Silence! The Musical is described as ‘the unauthorised parody of The Silence of the Lambs‘ and grew from a collection of songs posted on the internet into an off-Broadway show in 2005. It had a two week run in Baron’s Court last year, but this version at the Above the Stag theatre above a Victoria gay bar is billed as the European professional premiere: it has added new material getting its first airing and retains the original director from New York, Christopher Gatelli.
It does what is says on the tin, it’s a relatively faithful rerun of the events of the film where trainee FBI agent Clarice Starling is pressed into interviewing notorious psychiatrist and serial killer Hannibal Lecter in prison in order to help catch another serial killer Buffalo Bill. However, it is mercilessly and hilariously parodied throughout with a book by Hunter Bell and music and lyrics by Jon & Al Kaplan and a chorus of singing and dancing lambs.
Incredibly rude in places, with some song titles I dare not mention on here, but oddly enough these weren’t always the funniest parts of the show. It is the attention to detail that had me in stitches for large stretches of the show: the chalk dust signifying the arrival of the dead dad, the pictures in Lecter’s cell, the mask he uses to escape, the little tango kicks in ‘Quid Pro Quo’, all small things but excellently executed and all adding together to great comic effect. It reminded me of the film Airplane in that respect, jam-packed of visual gags as well as clever writing, the scenes with Clarice jogging past other FBI trainees and then walking past prisoners to get to Lecter were both really funny.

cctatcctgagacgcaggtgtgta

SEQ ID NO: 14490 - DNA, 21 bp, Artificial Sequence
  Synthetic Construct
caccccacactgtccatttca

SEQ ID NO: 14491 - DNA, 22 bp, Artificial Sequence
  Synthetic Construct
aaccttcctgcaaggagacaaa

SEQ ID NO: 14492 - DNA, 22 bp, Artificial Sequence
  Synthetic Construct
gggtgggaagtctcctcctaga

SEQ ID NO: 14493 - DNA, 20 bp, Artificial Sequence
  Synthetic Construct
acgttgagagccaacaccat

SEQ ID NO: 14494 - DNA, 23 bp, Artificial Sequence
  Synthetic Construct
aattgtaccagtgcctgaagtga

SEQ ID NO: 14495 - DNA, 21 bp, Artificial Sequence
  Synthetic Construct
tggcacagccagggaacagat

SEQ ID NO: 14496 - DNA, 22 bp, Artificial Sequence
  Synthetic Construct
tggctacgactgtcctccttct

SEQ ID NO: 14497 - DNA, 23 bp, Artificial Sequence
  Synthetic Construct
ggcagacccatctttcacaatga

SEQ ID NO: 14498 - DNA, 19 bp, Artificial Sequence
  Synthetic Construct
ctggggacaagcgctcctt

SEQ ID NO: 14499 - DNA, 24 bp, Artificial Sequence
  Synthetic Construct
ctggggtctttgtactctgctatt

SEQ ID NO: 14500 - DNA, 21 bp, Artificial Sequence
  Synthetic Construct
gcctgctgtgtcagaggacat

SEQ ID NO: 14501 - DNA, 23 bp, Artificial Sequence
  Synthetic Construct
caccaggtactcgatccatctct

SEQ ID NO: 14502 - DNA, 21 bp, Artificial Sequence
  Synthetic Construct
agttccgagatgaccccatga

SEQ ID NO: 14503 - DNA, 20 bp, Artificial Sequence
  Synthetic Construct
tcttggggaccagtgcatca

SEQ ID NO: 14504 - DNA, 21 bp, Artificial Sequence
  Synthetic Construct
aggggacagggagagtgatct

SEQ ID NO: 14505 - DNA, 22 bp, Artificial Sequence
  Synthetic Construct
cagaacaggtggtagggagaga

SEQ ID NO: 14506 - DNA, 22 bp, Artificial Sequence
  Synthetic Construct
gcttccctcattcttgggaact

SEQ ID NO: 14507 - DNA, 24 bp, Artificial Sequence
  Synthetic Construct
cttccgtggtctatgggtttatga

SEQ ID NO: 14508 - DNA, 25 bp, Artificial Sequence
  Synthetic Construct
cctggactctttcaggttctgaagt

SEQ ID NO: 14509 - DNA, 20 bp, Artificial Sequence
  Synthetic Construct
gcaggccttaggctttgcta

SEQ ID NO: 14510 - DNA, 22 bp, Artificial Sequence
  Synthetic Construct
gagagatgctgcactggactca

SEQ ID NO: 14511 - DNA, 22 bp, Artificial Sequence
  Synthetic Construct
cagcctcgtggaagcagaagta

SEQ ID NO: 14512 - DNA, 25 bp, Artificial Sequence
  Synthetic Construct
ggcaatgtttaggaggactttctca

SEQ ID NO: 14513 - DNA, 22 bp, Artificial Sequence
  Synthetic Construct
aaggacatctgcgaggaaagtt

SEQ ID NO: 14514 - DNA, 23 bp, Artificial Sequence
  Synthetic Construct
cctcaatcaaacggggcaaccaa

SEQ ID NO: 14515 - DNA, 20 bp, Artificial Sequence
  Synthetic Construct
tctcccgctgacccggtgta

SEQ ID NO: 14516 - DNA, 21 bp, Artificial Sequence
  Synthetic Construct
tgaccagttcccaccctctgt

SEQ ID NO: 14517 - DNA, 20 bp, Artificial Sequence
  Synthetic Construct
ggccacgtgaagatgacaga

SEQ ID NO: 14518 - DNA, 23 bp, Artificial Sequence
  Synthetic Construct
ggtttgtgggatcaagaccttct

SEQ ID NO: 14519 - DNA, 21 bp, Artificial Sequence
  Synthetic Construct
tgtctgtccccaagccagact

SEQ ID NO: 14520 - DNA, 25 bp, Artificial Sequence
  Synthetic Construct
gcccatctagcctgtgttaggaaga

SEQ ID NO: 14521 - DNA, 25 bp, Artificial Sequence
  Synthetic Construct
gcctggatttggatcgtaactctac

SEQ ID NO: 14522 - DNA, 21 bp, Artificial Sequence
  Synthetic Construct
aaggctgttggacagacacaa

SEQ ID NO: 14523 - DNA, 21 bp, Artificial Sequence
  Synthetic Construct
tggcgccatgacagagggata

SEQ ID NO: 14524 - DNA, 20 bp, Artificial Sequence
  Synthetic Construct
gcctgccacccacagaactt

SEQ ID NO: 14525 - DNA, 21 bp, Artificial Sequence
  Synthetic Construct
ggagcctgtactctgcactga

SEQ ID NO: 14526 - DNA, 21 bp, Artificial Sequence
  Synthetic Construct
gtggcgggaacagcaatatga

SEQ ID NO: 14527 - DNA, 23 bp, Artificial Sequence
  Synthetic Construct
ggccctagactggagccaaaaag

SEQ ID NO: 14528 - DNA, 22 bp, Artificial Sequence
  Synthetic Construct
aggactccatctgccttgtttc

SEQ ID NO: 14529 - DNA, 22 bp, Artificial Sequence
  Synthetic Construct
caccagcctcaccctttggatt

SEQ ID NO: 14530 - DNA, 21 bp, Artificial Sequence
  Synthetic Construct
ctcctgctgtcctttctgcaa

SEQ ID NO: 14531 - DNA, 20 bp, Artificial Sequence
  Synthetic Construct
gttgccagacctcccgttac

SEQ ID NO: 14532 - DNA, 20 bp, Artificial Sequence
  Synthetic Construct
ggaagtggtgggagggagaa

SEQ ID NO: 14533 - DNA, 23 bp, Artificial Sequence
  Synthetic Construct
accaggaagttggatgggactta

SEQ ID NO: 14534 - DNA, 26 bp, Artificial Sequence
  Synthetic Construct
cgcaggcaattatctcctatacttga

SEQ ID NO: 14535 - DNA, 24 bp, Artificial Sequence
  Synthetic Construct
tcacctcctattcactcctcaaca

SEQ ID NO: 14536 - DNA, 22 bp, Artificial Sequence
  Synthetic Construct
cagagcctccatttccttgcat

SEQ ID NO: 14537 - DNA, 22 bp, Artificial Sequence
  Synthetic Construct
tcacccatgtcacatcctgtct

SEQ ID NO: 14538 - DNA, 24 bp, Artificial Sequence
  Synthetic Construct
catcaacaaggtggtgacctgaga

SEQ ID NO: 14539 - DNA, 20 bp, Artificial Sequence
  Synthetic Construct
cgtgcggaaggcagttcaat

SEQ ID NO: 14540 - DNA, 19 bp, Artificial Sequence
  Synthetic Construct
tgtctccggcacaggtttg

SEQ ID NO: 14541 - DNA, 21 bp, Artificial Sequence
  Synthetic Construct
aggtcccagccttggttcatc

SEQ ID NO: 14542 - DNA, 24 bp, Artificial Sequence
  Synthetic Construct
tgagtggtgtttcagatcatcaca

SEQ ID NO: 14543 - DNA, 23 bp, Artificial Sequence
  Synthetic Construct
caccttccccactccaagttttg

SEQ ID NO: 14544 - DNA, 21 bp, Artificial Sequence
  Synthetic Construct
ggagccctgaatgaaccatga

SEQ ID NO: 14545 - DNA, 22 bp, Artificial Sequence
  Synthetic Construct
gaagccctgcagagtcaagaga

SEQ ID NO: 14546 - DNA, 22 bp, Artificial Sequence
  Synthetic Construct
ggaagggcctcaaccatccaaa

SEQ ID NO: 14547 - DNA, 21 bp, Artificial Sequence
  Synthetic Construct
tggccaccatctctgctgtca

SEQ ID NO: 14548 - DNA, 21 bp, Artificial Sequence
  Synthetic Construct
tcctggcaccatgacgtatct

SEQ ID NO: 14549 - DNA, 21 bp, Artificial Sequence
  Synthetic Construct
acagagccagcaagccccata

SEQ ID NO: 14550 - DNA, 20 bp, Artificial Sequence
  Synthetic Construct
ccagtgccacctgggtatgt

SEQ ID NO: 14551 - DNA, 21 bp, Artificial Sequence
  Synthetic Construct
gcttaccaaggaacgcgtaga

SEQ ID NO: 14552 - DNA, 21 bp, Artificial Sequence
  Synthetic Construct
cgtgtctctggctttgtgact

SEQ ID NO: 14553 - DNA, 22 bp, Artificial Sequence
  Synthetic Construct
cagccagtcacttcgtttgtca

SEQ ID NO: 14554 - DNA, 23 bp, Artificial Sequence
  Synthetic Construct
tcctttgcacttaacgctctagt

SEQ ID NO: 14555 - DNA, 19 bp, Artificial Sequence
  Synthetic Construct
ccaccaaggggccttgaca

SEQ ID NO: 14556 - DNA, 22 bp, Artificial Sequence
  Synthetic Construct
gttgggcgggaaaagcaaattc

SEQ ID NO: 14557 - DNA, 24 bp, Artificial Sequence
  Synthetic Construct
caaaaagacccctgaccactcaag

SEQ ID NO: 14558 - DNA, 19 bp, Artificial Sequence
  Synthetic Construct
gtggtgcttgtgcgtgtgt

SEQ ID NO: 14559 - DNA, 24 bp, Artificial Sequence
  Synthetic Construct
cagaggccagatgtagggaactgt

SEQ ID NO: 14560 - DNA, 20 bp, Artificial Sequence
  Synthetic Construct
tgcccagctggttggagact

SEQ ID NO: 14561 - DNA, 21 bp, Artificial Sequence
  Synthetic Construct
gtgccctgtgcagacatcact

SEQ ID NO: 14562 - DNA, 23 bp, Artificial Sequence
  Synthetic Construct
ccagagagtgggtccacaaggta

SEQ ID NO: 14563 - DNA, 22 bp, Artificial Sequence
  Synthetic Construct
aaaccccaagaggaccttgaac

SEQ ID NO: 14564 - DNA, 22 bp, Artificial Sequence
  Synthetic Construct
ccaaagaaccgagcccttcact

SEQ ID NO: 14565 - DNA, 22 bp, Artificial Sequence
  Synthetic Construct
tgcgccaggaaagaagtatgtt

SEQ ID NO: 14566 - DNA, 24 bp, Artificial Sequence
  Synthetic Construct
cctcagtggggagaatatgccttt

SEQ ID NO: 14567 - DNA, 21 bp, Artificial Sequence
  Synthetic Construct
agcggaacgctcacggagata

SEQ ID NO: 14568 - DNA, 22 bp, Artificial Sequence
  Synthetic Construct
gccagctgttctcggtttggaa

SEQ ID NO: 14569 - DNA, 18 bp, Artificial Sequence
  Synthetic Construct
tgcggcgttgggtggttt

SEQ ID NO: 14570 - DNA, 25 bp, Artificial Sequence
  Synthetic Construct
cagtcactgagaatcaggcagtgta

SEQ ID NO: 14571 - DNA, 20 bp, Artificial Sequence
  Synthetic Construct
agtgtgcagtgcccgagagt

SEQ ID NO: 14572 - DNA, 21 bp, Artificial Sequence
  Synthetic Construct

Key to the success of fringe shows, musicals in particular, is the enthusiasm of the cast, and here there’s no problem whatsoever. Everyone pitches in with a maximum of effort and I loved that everyone appeared as part of the lamb chorus at some point, even the Lecter-playing Miles Western, as creepy a lamb as you will ever see. As the Chianti-supping Doctor, Western is brilliant, suggesting a world of insanity with his eyes and a good clear singing voice, always vital when singing unfamiliar songs. Fabian Hartwell’s Buffalo Bill was also good, even if I wish he hadn’t telegraphed his grand ‘reveal’ quite so much.
Tory Ross as Clarice is rightly the star of the show though. Clearly having a ball onstage, she got laughs with practically every line and gesture in a marvellously assured performance, and a great sense of comic timing. It’s hard to pick a favourite moment of hers, but the fat girl joke sequence really was superb.
Being a first preview, I’m sure the choreographing of the moving panels will become a lot smoother, but I would recommend a little more incidental music or different flooring as they were often excessively noisy when being repositioned. And a couple of the performers need to adjust their pitching, their voices were too quiet even for this intimate venue. But with six weeks to run, I’m sure everything will settle nicely and this ought to become a good success, it really is as funny as anything in the West End.